The sea holly in my front garden has looked the best I have seen it in years. I intended pulling the lot out last year as it just wasn’t flowering – I guessed as it was an old plant it was just passed its best. However one small piece was left growing at the edge of one of my grasses so I decided just to leave it and it has been quite a show stopper this year. It is also extremely prickly as I found when I pruned and picked up a stem lying on the ground! The Sea Holly is in an open situation so it too blows in the slightest of winds. My cut stem was very carefully added to my vase!

Pruning for a second flush I posted on back in August and after being pruned then my Nepata Walker’s Low is looking great in flower once more. My Cirsium too is flowering once again too but as it has much more growth to put on yet and as it wasn’t actually blowing in the wind I left it alone. However the Nepata was added to my vase.

Ornamental grasses are always great for movement in the garden so as you would guess a selection was added to the vase. My bamboos were also gently moving yesterday and what did catch my eye was the Golden Hop that I am allowing to grow up my dead bamboo which had many bunches of hops blowing on its branches.

Tree branches were also gently moving yesterday but the movement of the Acers were really catching my eye with their autumn coloured leaves. My Pendulus Cotoneaster tree also caught my attention yesterday with its branches still laden with berries. I was able to add a pruned stem of these to my vase.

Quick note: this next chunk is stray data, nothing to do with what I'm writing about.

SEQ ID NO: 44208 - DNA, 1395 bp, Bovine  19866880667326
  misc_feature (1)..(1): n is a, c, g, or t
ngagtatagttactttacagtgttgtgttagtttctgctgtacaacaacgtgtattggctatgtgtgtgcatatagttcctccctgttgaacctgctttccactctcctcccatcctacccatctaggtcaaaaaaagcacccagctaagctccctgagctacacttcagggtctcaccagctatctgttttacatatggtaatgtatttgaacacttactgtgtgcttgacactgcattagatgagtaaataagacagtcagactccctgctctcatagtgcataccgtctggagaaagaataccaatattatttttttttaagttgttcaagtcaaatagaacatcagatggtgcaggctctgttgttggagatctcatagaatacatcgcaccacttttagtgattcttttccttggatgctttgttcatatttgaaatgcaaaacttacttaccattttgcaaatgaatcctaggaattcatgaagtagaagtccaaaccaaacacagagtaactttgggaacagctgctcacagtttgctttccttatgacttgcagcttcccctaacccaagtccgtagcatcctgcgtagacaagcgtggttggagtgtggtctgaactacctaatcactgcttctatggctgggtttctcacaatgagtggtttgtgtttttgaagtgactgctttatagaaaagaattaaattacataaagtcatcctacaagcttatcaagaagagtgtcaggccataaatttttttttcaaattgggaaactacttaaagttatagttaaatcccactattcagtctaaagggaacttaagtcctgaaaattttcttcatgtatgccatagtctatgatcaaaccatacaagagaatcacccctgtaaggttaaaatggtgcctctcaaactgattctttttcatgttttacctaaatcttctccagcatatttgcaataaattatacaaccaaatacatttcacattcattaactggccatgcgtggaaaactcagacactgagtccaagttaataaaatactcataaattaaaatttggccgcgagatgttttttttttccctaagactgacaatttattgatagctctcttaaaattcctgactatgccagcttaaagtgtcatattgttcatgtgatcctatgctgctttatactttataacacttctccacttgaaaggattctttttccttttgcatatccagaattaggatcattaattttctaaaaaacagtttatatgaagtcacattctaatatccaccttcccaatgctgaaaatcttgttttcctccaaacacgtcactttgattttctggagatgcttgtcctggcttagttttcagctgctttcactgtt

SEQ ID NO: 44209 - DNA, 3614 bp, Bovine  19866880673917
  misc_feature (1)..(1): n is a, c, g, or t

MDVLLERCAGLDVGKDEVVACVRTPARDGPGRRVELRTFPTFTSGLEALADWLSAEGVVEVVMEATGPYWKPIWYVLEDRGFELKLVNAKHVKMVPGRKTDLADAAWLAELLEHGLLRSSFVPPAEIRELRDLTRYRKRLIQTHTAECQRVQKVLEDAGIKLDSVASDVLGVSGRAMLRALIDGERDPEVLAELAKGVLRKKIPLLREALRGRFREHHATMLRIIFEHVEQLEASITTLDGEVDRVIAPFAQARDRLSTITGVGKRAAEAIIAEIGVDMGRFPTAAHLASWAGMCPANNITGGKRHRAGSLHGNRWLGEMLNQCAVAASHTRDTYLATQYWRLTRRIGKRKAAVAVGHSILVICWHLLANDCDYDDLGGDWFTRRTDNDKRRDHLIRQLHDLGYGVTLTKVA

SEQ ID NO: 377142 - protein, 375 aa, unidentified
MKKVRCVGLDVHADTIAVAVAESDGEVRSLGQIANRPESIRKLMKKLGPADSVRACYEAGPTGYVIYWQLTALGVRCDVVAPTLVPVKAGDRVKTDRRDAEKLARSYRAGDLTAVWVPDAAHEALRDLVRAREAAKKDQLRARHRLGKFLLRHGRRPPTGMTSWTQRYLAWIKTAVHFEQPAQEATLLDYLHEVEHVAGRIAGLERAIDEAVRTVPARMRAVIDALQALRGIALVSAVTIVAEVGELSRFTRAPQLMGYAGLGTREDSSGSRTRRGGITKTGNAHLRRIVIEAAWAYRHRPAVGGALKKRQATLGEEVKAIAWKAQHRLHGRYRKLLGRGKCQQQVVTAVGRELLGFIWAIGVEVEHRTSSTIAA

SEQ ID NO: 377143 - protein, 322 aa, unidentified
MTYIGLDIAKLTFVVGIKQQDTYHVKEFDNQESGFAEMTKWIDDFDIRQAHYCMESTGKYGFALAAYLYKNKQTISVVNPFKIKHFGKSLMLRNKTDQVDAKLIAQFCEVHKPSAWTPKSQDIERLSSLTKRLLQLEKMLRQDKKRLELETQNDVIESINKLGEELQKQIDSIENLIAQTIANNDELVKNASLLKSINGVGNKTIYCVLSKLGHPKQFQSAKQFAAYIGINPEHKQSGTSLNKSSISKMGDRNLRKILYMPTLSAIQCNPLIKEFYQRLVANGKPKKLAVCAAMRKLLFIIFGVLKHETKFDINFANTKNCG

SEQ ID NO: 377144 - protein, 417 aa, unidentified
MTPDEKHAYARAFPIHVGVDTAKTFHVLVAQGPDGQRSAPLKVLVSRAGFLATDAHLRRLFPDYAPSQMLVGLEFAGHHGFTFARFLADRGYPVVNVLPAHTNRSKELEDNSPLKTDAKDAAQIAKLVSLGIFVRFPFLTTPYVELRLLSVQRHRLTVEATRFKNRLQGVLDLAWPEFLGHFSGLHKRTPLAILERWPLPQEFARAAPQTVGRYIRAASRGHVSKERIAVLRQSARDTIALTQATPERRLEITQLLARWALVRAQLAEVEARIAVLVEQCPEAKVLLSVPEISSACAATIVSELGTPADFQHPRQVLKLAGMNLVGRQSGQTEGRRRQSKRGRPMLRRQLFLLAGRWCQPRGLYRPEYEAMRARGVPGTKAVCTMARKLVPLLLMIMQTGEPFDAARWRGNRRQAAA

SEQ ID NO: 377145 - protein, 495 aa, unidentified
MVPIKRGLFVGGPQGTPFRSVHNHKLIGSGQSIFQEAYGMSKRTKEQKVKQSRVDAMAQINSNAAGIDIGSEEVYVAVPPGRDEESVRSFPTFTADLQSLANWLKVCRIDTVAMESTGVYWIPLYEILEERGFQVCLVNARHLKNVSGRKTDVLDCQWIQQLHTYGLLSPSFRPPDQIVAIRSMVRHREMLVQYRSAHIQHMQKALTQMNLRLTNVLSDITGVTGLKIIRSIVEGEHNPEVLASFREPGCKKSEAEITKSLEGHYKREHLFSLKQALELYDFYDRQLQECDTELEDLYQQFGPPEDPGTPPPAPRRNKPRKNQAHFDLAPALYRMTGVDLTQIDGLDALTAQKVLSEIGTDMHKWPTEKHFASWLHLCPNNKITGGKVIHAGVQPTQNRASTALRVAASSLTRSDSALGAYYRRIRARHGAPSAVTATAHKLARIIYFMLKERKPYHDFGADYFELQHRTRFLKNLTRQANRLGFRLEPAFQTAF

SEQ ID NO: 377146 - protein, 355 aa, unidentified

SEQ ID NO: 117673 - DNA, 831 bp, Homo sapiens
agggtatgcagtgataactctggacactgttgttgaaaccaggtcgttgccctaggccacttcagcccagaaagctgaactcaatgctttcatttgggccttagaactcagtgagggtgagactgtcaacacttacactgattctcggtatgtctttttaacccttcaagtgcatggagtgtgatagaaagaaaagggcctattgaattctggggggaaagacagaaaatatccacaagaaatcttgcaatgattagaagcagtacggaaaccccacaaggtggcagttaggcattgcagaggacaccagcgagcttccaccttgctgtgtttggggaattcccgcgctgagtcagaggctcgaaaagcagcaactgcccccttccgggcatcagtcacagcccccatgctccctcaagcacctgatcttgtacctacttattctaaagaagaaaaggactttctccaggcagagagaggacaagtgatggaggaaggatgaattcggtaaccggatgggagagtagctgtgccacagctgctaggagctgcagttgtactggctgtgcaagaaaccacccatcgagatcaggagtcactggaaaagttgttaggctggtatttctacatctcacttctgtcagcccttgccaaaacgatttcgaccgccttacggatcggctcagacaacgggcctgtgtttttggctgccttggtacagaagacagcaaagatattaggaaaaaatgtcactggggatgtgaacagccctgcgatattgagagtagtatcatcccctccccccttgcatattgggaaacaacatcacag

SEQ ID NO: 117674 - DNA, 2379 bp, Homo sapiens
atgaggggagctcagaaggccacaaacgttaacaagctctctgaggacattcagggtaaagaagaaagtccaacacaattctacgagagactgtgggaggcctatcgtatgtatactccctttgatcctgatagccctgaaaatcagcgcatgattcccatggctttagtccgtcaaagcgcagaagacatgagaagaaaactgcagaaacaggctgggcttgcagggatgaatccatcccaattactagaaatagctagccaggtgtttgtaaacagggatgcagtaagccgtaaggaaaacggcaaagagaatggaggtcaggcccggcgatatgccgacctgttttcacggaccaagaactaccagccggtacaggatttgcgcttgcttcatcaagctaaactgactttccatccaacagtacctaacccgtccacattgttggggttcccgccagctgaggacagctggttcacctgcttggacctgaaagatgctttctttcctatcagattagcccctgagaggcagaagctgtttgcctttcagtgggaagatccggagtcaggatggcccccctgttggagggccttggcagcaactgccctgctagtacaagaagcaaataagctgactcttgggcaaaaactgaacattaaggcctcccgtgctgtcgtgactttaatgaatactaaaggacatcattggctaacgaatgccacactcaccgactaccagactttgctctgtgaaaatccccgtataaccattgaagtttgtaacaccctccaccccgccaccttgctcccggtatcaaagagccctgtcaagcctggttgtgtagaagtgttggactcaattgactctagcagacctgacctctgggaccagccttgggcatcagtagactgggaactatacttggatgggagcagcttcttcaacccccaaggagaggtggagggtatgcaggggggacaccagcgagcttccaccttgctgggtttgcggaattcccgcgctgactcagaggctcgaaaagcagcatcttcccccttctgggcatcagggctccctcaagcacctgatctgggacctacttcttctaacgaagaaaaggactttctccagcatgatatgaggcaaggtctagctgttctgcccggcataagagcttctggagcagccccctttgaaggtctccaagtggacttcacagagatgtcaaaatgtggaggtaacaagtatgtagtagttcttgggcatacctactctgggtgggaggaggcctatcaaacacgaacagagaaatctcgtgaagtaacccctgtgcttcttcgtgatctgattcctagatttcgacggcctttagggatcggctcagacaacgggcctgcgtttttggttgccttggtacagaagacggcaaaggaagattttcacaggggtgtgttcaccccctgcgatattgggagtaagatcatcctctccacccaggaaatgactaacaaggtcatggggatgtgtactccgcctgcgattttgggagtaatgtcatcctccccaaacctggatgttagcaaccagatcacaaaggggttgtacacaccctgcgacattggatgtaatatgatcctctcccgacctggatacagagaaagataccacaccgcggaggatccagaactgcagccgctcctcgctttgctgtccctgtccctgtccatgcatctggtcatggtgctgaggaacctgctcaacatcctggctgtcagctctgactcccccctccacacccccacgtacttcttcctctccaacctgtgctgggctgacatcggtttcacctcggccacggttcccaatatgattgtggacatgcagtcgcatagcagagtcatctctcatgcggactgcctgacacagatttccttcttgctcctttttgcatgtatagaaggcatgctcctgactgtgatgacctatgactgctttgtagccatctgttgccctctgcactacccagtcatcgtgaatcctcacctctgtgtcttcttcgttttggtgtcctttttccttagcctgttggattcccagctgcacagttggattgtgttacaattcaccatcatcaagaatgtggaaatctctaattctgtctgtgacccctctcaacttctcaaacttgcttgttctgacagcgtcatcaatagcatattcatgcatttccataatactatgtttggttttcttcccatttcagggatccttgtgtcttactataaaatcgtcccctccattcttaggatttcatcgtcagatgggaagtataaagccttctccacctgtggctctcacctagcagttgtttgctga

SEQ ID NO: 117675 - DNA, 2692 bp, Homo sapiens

Dark brown, dry crumpled leaves from my Rowan Tree are now scattered on the ground around my arbour, on plants, gravel paths and on the lawn at that area of my garden. They too were blowing gently around in the wind yesterday but I don’t particularly enjoy seeing them. In borders and at my back door I also have Acer leaves in orange, yellow and red colours on the ground – I don’t mind seeing them for a little while at least. I will be picking them up and if I get them when they are still dry I will relocated them in my Gunnera border so any wildlife can use them from there. I could also try putting wet and dry ones in bags to make leaf mould by adding drainage hole and some water to the bag, tying it up and hiding it away behind my shed until spring.

Finally, I must add here that now is a time to consider covering small ponds with netting to catch the falling autumn leaves that are blowing about. All we need at the moment is a very cold night and strong winds and the leaves will be everywhere – including in the ponds. Decomposing leaves at the bottom of ponds can give off gases which in turn can make the surface of a pond look oily. You can see a photo of this here . So I plan to go fishin’ once again in my pond over the weekend to remove a few more pieces of duck weed and any leaves that may already be sitting in the bottom of my pond. I will then consider what I will use to prevent the leaves getting in my pond but at the same time allowing the birds and wildlife access!